Ex President Trump is 11 points clear of President Biden in the latest opinion polls. What could alter such a lead in the next nine months bearing in mind that Trump has already been endorsed by 76% of the Republican party? Trump faces 91 felony charges in 4 separate prosecutions in 3 different jurisdictions. The first prosecution is in NYC where if found guilty, Trump could face up to 136 years in jail. The next is a federal prosecution which could mean as much as 450 years jail time. The other two, one federal and one in Georgia could mean 55 and 76.5 years respectively. All add up to 717.5 years. In addition, a US federal appeals court has ruled that Trump is not entitled to immunity as an ex-President.

In The EU…

Data out this week confirmed the Eurozone economy’s stagnation continued in the final quarter of 2023. Whilst it avoided a recession, it has not shown any sign of life since the beginning of last year.

The EU Commission has revised back its economic growth forecast from November’s 1.2% to 0.8% for its 20 member countries. The EU Commission did however improve its inflation forecast, anticipating an inflation rate of 2.7% for 2024 and 2.2% for 2025.

Germany was the only G10 economy to shrink last year, and continued weakness this year will likely weigh on rest of the bloc, especially the manufacturing sector, which has been in contraction since July 2022.

Germany’s business leaders seem more realistic about the outlook for Europe’s largest economy than their political leaders. Chancellor Scholz sidestepped his speech making duties last week. His replacement, managed with a straight face to announce that Germany was not in a recession despite the 2023 contractions in its economy and moreover was set for a strong economic performance in 2024. That strong economic performance is optimistically defined as being growth of 0.5%, the weakest outlook for any of the largest global economies.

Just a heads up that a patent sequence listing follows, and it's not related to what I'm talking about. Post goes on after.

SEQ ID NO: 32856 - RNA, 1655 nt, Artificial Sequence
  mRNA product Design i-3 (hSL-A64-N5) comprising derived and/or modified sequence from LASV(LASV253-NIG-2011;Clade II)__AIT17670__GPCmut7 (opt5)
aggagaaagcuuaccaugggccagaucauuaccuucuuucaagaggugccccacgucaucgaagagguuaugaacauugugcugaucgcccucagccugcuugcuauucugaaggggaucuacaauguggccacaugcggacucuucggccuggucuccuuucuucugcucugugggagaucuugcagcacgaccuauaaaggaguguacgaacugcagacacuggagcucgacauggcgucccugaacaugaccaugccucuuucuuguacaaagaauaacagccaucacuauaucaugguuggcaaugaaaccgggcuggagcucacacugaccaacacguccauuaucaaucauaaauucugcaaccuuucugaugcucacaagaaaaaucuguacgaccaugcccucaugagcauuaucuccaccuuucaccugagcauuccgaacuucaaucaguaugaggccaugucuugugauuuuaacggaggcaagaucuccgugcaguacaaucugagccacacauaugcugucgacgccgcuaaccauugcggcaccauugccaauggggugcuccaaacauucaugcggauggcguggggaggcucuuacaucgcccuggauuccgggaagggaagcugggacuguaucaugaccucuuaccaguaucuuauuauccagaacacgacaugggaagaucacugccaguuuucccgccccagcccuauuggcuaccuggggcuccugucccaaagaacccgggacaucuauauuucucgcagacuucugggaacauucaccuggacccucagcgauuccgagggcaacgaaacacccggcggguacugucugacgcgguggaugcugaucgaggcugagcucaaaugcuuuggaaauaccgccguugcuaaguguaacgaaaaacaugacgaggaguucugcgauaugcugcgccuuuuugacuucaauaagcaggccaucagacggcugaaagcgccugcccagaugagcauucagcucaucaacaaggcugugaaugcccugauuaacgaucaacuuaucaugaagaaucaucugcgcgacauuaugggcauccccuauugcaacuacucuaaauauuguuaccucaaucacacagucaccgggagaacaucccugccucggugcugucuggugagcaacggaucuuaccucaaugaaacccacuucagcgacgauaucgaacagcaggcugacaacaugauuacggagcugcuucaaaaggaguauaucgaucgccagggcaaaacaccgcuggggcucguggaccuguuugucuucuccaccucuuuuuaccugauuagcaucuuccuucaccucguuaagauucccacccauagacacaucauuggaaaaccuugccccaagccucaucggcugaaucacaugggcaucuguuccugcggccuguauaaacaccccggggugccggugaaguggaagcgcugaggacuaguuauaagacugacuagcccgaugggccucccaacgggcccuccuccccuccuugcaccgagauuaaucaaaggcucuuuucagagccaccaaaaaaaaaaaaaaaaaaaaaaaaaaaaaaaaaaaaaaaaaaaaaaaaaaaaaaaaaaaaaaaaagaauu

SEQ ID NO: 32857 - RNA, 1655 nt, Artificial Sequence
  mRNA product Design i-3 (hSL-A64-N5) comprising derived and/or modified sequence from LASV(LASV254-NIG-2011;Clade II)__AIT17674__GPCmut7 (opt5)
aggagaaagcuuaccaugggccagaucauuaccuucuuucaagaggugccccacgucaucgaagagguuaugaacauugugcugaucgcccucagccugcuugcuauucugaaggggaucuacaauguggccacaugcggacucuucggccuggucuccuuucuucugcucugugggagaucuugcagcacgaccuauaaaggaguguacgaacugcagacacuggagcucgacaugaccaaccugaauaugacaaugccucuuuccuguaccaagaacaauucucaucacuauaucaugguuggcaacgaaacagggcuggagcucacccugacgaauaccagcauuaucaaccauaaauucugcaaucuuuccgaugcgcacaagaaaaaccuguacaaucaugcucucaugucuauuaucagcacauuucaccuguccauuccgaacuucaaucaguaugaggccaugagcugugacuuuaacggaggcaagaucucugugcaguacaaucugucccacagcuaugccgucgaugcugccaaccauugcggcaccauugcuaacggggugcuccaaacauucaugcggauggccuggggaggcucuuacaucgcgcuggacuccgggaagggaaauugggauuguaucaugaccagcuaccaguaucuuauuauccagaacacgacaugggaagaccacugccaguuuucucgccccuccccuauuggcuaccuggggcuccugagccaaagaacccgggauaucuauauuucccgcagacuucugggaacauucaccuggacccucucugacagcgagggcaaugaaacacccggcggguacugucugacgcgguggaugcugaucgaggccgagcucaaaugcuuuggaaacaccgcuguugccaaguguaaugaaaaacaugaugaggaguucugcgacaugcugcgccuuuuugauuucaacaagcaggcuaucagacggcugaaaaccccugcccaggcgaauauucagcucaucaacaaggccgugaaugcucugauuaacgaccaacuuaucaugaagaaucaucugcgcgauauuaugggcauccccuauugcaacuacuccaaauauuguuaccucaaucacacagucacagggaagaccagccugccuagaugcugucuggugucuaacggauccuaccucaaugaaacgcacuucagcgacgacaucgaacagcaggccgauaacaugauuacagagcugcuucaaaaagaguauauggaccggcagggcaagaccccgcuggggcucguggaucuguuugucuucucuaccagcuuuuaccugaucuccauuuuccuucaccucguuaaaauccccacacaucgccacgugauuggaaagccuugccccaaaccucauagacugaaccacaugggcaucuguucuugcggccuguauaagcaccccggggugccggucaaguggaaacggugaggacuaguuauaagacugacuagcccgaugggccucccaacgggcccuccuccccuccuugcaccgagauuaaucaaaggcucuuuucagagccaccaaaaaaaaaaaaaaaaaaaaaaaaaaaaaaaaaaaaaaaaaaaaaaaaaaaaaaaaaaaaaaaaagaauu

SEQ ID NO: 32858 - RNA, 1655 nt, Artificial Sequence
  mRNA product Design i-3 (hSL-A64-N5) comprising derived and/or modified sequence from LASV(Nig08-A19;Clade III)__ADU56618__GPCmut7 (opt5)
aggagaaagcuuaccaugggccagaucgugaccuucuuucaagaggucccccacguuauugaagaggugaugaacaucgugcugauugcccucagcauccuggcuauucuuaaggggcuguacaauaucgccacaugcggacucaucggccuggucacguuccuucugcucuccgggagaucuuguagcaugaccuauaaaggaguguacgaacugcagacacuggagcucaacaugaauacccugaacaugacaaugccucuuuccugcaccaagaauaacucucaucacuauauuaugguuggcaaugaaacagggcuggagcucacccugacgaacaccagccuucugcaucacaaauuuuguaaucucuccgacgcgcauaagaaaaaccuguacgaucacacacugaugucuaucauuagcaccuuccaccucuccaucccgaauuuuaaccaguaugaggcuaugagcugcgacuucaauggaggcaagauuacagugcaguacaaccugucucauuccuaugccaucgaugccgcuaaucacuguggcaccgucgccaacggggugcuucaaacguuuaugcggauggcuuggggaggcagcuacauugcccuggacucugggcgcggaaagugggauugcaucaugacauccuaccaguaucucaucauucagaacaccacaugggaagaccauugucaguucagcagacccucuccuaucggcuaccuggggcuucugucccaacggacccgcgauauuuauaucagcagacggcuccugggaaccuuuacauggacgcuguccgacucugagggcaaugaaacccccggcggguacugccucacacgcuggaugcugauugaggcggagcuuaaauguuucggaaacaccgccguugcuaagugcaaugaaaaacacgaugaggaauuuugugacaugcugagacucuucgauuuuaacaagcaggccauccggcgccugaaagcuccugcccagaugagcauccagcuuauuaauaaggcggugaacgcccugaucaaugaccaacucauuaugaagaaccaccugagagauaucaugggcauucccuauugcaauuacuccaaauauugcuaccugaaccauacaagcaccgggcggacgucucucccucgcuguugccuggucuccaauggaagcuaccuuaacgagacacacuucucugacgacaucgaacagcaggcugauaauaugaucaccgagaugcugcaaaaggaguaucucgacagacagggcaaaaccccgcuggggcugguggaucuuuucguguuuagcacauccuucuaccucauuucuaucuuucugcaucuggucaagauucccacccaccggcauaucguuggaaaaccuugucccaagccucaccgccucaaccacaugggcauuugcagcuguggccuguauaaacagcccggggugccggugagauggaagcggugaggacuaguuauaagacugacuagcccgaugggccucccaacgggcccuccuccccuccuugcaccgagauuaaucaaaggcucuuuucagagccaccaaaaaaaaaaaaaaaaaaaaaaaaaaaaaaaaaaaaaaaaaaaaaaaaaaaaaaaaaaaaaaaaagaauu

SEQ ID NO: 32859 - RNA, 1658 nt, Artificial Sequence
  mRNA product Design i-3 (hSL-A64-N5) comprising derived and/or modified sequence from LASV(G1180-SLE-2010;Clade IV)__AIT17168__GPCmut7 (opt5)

German industrial production (including construction) for December confirmed a sector that remains under pressure. Industrial output in Europe’s largest economy contracted by 1.6%, a bigger drop than forecast, leaving production levels 3% lower than a year ago.

A top German industry chief, Siegfried Russwurm, head of the BDI has described Chancellor Olaf Scholz’s net zero policies as “absolutely toxic” in a stinging criticism of the chancellor’s stewardship of Europe’s largest economy.


Alexey Navalny, the Russian lawyer, and anti-corruption activist and the most prominent opposition voice to Vladimir Putin, has died at the age of 47, according to the Russian government who gave no cause of death.

In 2020, Navalny barely survived a nerve-agent attack that he and Western governments blamed on Putin. After treatment in Germany Navalny returned to Russia where he was immediately imprisoned.

Russia’s electoral authorities have barred war critic Boris Nadezhdin from running in next month’s presidential elections.

Japan’s economy unexpectedly slipped into recession dropping Japan from third to fourth place of the world’s biggest economies.

In China, the NBS (National Bureau of Statistics) announced the country’s consumer prices index fell by 0.8pc in January, marking the fourth straight month of deflation and the steepest fall since 2009. The fall was larger than the 0.5% forecast by analysts and comes as Beijing tries to kickstart growth amid a property crisis, soaring youth unemployment and a global slowdown that is hammering demand for Chinese goods.

In its latest review, the MSCI is cutting 66 Chinese companies from its global stock market benchmarks following a market rout that’s erased trillions of dollars in value from the nation’s stocks. Chinese stocks have dropped by almost $5 trillion in value since their 2021 peak at a time that global equities are close to record high levels.

Much of that money is now heading for India, with Wall Street giants like Goldman Sachs and Morgan Stanley endorsing India as the prime investment destination of the next decade.


Of course, currency market volatility can bring trouble but with careful monitoring can also bring opportunity.

At Cosmos, we provide our clients with a relationship not a transaction-based service.

We are pro-active not reactive.

We offer local collection accounts in: the USA; Canada; the EU and the UK saving clients time and money on transfers.

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Please call +44 (0) 300 124 6409 or email us to discuss your individual currency requirements. Alternatively if you’d like to receive our fortnightly blogs via email please subscribe here.


This week’s quote comes from Carl Jung, the Swiss psychiatrist and psychoanalyst

“Thinking is difficult, that is why most people judge”.